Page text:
Last week, I shared my top tips on transport between UK cities, however once you’ve arrived at your destination what’s the best way to get to your hostel? It may be tempting to just jump in the nearest taxi but there are some much cheaper alternatives out there!


All cities and towns have bus networks linking up transport hubs (e.g. the train station) with tourist attractions and residential areas. Buses in the UK can be pretty slow or infrequent (particularly in more rural areas), but the convenience of hopping on a bus to the town centre can’t be denied. Prices vary significantly between cities, and if you are arriving by train you can often purchase a discounted Plus Bus ticket – which allows one day of unlimited bus and tram travel in certain cities.

Note that within London, visitors can no longer pay for standard buses by cash, instead you will need to purchase an Oyster card or use a contactless debit card.


The London underground is probably the most famous metro system in the world, carrying commuters, school kids and, of course, tourists all around the capital. Tickets are pretty expensive, but I would recommend picking up a travel Oyster card, which offers you cheaper fares (including half price child tickets) and a daily price cap as well as discounts off major London attractions. Note that prices vary depending on the time of day, with 6:30-9:30 and 16:00-19:00 (“peak times”) being most expensive.

As well as the London underground, a couple of other cities in the UK also have metro systems – notably Newcastle upon Tyne and Glasgow.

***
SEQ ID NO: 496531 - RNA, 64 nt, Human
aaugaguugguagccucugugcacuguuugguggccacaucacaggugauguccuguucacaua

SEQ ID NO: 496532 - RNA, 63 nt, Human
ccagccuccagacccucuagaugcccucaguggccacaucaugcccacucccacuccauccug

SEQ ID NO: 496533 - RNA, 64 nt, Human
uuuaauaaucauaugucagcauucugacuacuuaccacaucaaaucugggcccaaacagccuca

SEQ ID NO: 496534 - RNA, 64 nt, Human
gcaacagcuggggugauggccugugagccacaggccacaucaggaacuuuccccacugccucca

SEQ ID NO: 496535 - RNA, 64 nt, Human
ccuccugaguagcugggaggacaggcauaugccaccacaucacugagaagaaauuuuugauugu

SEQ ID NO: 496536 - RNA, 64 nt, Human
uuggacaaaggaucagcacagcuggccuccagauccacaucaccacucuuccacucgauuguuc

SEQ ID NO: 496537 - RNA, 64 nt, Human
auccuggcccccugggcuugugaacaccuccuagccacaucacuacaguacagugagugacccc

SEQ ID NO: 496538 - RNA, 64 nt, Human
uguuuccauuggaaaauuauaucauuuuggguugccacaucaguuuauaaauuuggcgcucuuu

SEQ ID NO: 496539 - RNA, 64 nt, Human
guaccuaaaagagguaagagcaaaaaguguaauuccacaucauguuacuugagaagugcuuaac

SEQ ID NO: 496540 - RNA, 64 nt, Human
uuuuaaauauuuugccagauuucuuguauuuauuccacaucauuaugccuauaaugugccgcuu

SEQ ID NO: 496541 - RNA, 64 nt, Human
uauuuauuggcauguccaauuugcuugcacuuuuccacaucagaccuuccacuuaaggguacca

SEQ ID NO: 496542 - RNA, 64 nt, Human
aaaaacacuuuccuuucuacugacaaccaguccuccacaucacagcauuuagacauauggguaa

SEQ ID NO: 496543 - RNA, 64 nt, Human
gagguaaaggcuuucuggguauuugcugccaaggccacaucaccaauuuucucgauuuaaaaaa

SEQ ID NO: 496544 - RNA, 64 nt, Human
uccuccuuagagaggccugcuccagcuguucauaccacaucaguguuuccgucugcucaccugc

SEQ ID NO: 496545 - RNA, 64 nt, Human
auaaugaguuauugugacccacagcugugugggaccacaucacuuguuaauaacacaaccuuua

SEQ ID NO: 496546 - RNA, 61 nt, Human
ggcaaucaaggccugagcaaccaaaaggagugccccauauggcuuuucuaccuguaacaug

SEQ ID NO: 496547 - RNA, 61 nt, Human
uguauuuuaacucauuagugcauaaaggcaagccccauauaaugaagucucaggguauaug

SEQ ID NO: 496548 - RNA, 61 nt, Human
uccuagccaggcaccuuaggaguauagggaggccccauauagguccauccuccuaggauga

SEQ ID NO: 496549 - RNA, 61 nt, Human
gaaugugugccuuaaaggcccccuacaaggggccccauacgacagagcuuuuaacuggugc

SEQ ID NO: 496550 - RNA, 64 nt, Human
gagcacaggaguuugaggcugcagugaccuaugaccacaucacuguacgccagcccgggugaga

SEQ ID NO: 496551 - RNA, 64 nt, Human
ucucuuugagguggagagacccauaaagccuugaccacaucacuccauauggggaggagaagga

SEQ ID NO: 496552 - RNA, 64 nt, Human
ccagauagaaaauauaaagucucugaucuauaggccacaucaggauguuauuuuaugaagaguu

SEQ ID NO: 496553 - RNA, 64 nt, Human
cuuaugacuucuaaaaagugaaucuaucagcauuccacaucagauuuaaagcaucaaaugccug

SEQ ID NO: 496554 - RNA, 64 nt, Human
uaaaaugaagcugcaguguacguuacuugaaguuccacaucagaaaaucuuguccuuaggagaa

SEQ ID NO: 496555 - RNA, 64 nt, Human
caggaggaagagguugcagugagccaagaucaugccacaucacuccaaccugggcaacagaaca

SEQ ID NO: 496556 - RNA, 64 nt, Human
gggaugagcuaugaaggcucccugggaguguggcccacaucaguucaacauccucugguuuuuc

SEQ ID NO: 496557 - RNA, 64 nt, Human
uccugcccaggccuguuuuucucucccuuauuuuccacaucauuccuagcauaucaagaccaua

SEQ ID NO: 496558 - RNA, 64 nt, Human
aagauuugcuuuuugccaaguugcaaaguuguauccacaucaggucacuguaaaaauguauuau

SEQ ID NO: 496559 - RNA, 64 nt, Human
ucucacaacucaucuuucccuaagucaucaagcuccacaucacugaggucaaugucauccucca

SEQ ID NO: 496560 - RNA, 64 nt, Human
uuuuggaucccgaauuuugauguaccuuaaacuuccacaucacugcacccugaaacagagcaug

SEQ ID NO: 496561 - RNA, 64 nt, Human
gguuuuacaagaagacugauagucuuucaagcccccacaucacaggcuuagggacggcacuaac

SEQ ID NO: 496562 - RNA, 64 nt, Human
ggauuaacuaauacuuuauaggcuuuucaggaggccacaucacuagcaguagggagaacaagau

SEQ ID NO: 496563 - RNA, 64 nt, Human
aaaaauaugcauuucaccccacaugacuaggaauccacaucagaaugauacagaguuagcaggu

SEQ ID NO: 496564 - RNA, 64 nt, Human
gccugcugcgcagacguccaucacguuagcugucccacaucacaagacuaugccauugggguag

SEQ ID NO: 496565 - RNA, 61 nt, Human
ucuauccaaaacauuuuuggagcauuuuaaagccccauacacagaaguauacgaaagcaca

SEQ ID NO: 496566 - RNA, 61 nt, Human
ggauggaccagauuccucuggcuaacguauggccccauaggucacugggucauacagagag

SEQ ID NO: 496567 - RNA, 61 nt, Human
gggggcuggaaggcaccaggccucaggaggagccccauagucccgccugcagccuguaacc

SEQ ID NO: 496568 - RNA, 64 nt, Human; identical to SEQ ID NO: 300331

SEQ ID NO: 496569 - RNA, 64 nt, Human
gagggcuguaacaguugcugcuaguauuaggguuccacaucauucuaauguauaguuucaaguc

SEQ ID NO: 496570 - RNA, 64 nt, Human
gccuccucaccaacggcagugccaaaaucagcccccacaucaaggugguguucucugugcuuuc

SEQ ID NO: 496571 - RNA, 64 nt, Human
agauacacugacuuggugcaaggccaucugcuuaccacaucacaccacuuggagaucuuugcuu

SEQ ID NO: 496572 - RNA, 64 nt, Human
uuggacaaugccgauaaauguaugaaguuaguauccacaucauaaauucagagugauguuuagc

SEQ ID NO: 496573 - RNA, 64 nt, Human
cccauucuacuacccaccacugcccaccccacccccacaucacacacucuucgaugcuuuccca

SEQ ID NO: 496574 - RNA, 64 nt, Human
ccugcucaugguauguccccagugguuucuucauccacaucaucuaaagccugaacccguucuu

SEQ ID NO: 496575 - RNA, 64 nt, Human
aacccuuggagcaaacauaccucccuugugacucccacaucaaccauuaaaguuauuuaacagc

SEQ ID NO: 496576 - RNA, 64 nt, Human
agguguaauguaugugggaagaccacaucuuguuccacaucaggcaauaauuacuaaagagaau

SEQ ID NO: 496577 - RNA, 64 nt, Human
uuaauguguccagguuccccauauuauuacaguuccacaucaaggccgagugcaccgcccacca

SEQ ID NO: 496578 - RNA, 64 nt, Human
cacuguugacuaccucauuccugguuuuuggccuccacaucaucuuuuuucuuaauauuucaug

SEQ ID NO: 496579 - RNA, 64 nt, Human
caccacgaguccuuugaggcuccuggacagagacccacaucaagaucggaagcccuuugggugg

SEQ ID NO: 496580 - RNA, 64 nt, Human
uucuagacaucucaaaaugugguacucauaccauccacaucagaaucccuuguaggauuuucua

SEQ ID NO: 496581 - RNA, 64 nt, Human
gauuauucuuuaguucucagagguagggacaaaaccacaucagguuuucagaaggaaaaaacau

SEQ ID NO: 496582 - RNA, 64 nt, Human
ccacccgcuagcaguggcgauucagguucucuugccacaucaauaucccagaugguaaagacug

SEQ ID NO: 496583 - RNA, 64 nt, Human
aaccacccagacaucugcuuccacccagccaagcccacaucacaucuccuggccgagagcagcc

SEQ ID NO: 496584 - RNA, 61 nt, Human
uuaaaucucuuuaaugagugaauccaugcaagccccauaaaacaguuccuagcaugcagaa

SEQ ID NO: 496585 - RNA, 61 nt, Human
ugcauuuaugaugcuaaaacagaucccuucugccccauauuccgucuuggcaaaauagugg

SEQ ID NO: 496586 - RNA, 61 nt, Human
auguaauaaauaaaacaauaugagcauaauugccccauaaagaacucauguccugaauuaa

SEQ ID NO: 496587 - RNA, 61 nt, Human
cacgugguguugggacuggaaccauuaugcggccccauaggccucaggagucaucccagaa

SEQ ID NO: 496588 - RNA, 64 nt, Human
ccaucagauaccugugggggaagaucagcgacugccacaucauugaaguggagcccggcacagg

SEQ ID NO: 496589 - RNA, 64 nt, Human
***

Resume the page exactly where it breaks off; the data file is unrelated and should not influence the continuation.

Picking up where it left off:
Trams/ Light Rail

Some UK cities, for example Manchester, Birmingham and Edinburgh, have tram or light rail networks. These are something of a cross between trains and buses – consisting of one or two carriages travelling along a rail or guided by overhead wires, usually next to or on the main road. They have the convenience and good value of local buses, but usually also have priority on the roads – thus avoiding traffic jams/ delays.


Probably a pretty obvious one, but if you’ve only got to travel a short distance it may be quicker (and certainly cheaper) just to walk. Before you depart from your previous hostel/ WiFi spot, make sure you’ve loaded a map and checked the route. Take a screenshot and jot down some notes too just in case!


4 thoughts on “UK budget travel tips – getting around within a city

      1. Sounds lovely! I remember family holidays camping in wales as a kid, such beautiful scenery (although we were always unfortunate with the weather!) I hope you have a great time 🙂

        Liked by 1 person

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